1

Fo example, this piece of code in rails:

  t.string :receipt_number
  t.timestamp :transaction_timestamp
  t.string :transaction_type
  t.decimal :cash_amount
  t.decimal :card_amount

Now, I want new code should be:

  t.string      :receipt_number
  t.timestamp   :transaction_timestamp
  t.string      :transaction_type
  t.decimal     :cash_amount
  t.decimal     :card_amount

I have tried align left/right/center, but It seems not work.

first case:

  t.string:    receipt_number
  t.timestamp: transaction_timestamp
  t.string:    transaction_type
  t.decimal:   cash_amount
  t.decimal:   card_amount
  t.decimal:   voucher_amount
  t.decimal:   total_amount
  t.int:       sa_id
  t.string:    sa_name

Second case:

     t.string: receipt_number
  t.timestamp: transaction_timestamp
     t.string: transaction_type
    t.decimal: cash_amount
    t.decimal: card_amount
    t.decimal: voucher_amount
    t.decimal: total_amount
        t.int: sa_id
     t.string: sa_name

How can I make alignment as expected code.

2

Here's an admittedly hacky solution in pure vimscript:

:%norm dt::left 17<C-v><CR>0:exec "norm R".getreg('"')<C-v><CR>

Obviously, you can changed 17 to whatever value works best with your text.

Explanation:

The way this works is by deleting everything up to the first colon before aligning. Then after that, it uses replace mode (R) to paste the deleted text over the extra spaces.

:%norm                          " On every line:
       dt:                      " Delete until a colon
          :left 17<C-v><CR>     " Align to the 17'th column

Then, we move back to the first column with 0 and run the rest. We use exec so that we can construct a normal command with the contents of the deleted text.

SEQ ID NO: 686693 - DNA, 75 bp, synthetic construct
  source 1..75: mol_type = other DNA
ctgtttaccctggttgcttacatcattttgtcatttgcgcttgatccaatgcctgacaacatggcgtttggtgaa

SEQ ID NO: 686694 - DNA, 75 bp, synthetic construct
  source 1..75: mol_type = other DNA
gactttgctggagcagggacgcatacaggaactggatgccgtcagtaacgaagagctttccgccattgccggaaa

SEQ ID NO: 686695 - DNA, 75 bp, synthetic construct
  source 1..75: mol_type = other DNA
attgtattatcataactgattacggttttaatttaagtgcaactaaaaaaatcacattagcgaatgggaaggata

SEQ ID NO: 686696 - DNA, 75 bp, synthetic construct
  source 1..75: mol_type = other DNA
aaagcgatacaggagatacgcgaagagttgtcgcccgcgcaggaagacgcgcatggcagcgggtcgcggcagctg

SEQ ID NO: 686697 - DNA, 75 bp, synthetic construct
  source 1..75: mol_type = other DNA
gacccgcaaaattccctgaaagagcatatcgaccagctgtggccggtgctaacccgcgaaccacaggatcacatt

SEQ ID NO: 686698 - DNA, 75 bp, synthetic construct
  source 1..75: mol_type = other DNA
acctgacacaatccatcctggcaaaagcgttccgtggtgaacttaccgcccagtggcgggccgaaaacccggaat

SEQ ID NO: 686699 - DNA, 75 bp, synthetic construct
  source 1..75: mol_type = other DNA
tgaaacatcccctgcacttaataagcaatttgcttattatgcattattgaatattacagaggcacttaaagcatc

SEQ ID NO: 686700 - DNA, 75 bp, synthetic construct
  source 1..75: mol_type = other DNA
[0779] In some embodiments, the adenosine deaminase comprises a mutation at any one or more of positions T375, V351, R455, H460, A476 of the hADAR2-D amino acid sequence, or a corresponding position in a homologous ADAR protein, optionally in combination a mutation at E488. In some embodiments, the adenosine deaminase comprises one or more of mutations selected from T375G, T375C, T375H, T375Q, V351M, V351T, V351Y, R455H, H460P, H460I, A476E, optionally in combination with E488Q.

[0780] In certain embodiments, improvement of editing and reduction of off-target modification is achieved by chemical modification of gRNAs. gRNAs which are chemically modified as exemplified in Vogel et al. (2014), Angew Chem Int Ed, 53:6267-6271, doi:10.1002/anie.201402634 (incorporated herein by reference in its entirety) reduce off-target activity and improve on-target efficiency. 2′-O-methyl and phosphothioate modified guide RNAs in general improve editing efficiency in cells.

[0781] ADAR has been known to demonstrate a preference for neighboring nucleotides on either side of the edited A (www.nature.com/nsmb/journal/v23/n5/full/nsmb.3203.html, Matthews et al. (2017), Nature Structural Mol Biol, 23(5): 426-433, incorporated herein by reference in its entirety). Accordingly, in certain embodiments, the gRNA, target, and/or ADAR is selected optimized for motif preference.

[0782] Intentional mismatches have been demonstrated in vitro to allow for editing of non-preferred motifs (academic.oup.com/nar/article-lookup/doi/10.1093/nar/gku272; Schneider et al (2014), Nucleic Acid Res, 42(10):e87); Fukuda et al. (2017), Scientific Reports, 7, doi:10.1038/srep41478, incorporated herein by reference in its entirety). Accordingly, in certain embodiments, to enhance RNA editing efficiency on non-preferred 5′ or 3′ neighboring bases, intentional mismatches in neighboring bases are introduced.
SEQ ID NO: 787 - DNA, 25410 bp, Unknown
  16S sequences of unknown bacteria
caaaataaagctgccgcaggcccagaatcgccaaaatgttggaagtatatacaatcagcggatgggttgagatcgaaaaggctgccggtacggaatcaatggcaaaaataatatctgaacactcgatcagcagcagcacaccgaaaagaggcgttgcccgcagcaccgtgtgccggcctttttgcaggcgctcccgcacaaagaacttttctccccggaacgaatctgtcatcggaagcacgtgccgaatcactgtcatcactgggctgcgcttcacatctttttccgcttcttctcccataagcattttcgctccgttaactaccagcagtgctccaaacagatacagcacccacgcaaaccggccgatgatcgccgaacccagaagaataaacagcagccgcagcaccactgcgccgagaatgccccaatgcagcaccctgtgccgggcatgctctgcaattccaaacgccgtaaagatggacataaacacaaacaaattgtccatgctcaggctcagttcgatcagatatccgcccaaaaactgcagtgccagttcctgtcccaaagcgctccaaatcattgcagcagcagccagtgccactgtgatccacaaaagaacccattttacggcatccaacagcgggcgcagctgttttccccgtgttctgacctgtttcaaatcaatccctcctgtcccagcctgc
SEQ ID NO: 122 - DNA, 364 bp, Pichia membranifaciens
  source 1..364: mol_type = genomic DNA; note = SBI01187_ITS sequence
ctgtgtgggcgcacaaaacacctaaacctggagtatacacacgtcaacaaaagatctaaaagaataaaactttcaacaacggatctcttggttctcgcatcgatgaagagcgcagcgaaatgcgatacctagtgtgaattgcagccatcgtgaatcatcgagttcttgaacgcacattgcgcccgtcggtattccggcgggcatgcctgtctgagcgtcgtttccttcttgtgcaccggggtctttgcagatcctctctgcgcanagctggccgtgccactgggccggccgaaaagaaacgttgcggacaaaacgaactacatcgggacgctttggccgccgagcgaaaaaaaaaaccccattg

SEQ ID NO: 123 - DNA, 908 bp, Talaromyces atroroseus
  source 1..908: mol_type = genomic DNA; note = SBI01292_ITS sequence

:exec                               " Execute the following string
      "norm                         " Enter normal mode
            R"                      " Enter replace mode
              .                     " Concatenate this string 
               getreg('"')          " With the contents of the unnamed register
                          <C-v><CR> " Enter

We use <C-v><cr> so that it enters a literal newline rather than running the command right then.

  • 1
    Your code golf background is showing (paying off?). :P – Tumbler41 Oct 21 '16 at 18:21
  • @Tumbler41 Hehe, maybe a little. But if I wanted to really golf it I would have used <C-v><C-r>" instead of getreg('"') – DJMcMayhem Oct 21 '16 at 18:23
1

Aligning delimiter is controlled by stick-to-left option. Its a boolean controlling whether to position delimiter on the left-side. so your wanted result is achievable through selecting the desired lines with V(visual linewise mode) and running the following command:

'<,'>EasyAlign : { 'right-margin':0, 'left-margin':3, 'stick-to-left':0 }

Of course this is too much typing for a such simple aligment task! In practice you could use interesting Live interactive mode. just type :LiveEasyAlign command or even faster, map it to a key using <Plug>(LiveEasyAlign). now you can simply using key combinations to align items.

Aligning delimiter is <Left> and <Right> keys and you can view your code alignment Live.

0

I don't get what the difficulty is, unless you are not aligning using Space as delimiter, and/or you don't specify the region to align. Nobody forces you to use : as delimiter. Steps:

  • Visually select all lines you want (using V etc.)
  • call your EasyAlign key map; the command-line should look like this: :'<,'>EasyAlign(_) (if you type the command manually, you need to hit Enter once)
  • hit Space

... That's it, the text is aligned as in your 2nd sample.

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